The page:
Sibylle Bergemann

27 Jun - 27 Jul 2014

Thomas – 'RambaZamba' theatre group of the Sonnenuhr (Sundial) workshop for the mentally handicapped and others in the Kulturbrauerei in Berlin
Polaroids relating to Woyzeck(en), 1997
27 June - 27 July 2014

This exhibition presents the oeuvre of one of the leading contemporary German photographers to international audiences. The photographs of Sibylle Bergemann baffle because of the diversity of their subjects such as fashion, reportage, photographic essays, urban and rural landscapes as well as portraits. At first known as a fashion photographer, Sibylle Bergemann fast became noted for her photographic essays and her precise observations of hidden contexts.

After two runs of the exhibition at the 'Akademie der Künste' in Berlin and the 'Museum für Photographie' in Braunschweig, the exhibition will now tour internationally on behalf of the Institute for Foreign Cultural Relations.

Bergemann’s work has to be seen within the social context of her time. Her pictures express a critical analysis of the reality during the times of the GDR. The photographer always understood photography not as mere depiction but rather as a medium through which she can shed light on the correlations of reality while constantly interpreting and commenting the circumstances. Thus, the peculiar details of her photographs become symbols that reflect subtle stories and nuances of their time, that play with the longing of the observer, who appears to be drawn into a thoughtful mood filled with eerie, dreamlike states-of-being while looking at her photographs. The complexity found in these photographs creates the unmistakable, personal style of the photographer.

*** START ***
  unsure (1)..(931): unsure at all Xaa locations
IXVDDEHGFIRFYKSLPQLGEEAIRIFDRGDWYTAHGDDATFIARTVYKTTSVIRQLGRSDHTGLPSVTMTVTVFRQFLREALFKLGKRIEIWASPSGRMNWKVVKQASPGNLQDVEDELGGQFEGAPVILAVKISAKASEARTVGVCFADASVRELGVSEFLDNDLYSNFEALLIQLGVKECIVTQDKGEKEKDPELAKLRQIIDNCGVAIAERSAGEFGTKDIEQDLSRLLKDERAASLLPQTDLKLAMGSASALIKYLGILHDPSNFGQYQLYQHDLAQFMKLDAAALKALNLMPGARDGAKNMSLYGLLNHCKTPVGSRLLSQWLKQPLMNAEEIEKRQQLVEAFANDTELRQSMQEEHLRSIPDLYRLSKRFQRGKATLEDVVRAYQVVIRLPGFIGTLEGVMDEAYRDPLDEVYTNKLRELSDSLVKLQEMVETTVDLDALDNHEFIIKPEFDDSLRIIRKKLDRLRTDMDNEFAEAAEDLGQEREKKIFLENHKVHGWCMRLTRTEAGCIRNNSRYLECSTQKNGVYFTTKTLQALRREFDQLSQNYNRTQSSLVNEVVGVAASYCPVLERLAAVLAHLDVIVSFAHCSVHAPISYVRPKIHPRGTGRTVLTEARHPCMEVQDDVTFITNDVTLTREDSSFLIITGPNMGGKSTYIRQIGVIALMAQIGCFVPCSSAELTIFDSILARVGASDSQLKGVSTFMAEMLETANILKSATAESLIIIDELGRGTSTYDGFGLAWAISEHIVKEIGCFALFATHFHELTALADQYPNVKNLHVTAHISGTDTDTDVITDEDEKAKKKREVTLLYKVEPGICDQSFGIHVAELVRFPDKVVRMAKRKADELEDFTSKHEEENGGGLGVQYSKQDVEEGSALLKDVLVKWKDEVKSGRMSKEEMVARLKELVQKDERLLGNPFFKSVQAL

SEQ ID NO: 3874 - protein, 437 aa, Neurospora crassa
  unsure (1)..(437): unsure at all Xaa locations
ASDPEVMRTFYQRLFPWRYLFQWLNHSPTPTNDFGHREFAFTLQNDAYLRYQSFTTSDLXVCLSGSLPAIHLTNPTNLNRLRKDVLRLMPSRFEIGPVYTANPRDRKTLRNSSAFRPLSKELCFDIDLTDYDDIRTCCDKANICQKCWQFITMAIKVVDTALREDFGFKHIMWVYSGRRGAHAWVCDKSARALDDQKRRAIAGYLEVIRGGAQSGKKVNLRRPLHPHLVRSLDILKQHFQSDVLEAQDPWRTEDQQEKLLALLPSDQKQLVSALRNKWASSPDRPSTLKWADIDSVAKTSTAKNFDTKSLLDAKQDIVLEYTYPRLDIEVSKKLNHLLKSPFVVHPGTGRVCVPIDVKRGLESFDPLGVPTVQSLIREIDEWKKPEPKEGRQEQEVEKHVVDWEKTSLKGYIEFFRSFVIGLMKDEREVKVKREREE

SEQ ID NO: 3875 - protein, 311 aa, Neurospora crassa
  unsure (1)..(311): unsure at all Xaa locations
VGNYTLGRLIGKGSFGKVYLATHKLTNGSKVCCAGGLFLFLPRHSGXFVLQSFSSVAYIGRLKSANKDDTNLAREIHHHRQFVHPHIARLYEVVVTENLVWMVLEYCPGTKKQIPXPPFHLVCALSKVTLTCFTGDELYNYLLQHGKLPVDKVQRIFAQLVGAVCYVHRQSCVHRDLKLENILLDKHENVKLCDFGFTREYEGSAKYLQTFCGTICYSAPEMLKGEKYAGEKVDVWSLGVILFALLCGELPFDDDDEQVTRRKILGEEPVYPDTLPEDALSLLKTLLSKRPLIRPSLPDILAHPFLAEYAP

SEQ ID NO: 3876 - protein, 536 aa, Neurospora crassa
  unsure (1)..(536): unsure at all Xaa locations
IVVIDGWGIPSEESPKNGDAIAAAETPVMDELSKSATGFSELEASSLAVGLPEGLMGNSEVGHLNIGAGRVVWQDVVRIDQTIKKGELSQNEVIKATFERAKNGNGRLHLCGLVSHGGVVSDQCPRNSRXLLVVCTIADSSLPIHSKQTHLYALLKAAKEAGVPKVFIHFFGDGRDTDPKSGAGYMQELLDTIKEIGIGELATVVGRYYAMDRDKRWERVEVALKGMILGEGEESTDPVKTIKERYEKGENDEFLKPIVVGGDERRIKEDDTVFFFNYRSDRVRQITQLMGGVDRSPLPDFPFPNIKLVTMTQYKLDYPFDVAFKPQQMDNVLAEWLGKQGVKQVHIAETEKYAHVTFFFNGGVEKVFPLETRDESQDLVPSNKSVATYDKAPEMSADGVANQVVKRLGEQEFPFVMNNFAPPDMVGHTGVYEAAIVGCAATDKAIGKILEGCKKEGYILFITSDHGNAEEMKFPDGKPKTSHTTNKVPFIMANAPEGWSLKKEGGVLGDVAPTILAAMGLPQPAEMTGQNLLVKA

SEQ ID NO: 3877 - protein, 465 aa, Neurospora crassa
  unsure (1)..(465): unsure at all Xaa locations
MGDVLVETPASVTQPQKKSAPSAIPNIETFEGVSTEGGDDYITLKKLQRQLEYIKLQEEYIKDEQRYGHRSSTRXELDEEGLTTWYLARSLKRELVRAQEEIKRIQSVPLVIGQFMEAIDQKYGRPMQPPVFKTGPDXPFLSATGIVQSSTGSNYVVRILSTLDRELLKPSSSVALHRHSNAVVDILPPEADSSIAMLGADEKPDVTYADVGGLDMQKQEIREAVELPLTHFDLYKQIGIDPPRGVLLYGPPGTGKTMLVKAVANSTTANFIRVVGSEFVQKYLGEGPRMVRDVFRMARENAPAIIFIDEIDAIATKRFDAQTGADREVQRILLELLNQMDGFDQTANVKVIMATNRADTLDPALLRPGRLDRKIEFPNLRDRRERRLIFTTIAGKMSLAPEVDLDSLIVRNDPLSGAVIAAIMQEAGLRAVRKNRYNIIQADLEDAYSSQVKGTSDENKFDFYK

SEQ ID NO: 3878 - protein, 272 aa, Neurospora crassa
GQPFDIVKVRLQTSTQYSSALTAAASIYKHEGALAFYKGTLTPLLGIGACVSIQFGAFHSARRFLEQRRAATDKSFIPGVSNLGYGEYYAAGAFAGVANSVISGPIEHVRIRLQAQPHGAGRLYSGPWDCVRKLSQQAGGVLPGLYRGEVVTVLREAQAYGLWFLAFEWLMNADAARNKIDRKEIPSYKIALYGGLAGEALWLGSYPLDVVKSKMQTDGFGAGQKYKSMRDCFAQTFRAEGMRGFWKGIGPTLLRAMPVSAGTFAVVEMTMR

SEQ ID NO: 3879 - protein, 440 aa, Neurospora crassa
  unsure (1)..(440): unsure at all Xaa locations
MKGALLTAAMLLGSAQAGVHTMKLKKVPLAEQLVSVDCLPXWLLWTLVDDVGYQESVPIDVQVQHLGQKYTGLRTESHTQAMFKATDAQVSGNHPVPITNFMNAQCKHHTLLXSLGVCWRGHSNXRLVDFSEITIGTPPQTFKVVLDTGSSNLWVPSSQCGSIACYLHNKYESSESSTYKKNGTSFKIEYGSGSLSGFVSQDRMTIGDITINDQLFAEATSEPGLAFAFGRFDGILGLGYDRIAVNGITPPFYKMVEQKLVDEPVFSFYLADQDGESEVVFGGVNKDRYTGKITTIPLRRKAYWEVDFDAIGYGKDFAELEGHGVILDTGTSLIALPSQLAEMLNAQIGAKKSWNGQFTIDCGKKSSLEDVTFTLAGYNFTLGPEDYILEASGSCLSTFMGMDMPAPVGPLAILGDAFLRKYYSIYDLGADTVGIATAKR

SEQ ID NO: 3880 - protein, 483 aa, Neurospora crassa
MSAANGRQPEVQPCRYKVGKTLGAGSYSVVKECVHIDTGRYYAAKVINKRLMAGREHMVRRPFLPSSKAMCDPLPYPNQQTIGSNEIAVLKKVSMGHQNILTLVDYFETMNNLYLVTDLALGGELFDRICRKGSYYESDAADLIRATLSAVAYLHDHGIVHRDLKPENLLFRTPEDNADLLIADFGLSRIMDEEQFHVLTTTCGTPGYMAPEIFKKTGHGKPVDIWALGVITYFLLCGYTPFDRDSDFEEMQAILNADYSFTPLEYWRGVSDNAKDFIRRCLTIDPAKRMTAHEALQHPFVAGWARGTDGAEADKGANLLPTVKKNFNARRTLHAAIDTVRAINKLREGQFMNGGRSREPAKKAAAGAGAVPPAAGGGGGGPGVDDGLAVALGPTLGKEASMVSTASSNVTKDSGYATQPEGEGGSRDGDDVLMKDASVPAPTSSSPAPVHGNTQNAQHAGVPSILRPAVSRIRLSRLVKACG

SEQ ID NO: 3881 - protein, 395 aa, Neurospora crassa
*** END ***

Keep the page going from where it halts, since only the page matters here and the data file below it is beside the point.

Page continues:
Sibylle Bergemann's work is often serial, but the photographer has also been focusing on personal themes and photographic notes. From the 1960s onwards, fashion and portrait photography, being partially commissioned by 'SIBYLLE' and 'Geo' magazines, have become the two main subject matters for Bergemann.

'It seems like the photographer wants to produce something that is presently absent: sparse notes from proximity, searching for roots, results of a voyage into dreams.' Matthias Flügge, 2006

This aspect within Bergemann's work becomes particularly apparent in the situational and scenic imageries of urban regions. Bergemann began focusing on situational and scenic pictures in Berlin at the end of the 1960s and has been working on them ever since in cities such as New York, Paris, Tokyo, and São Paulo.

In addition, Bergemann has exhaustingly worked with the medium Polaroid. Working almost exclusively with b/w photography, Bergemann belongs meanwhile to a group of photographers who use color as a constitutive element in the construction of a meaning, and not as an illustration device.

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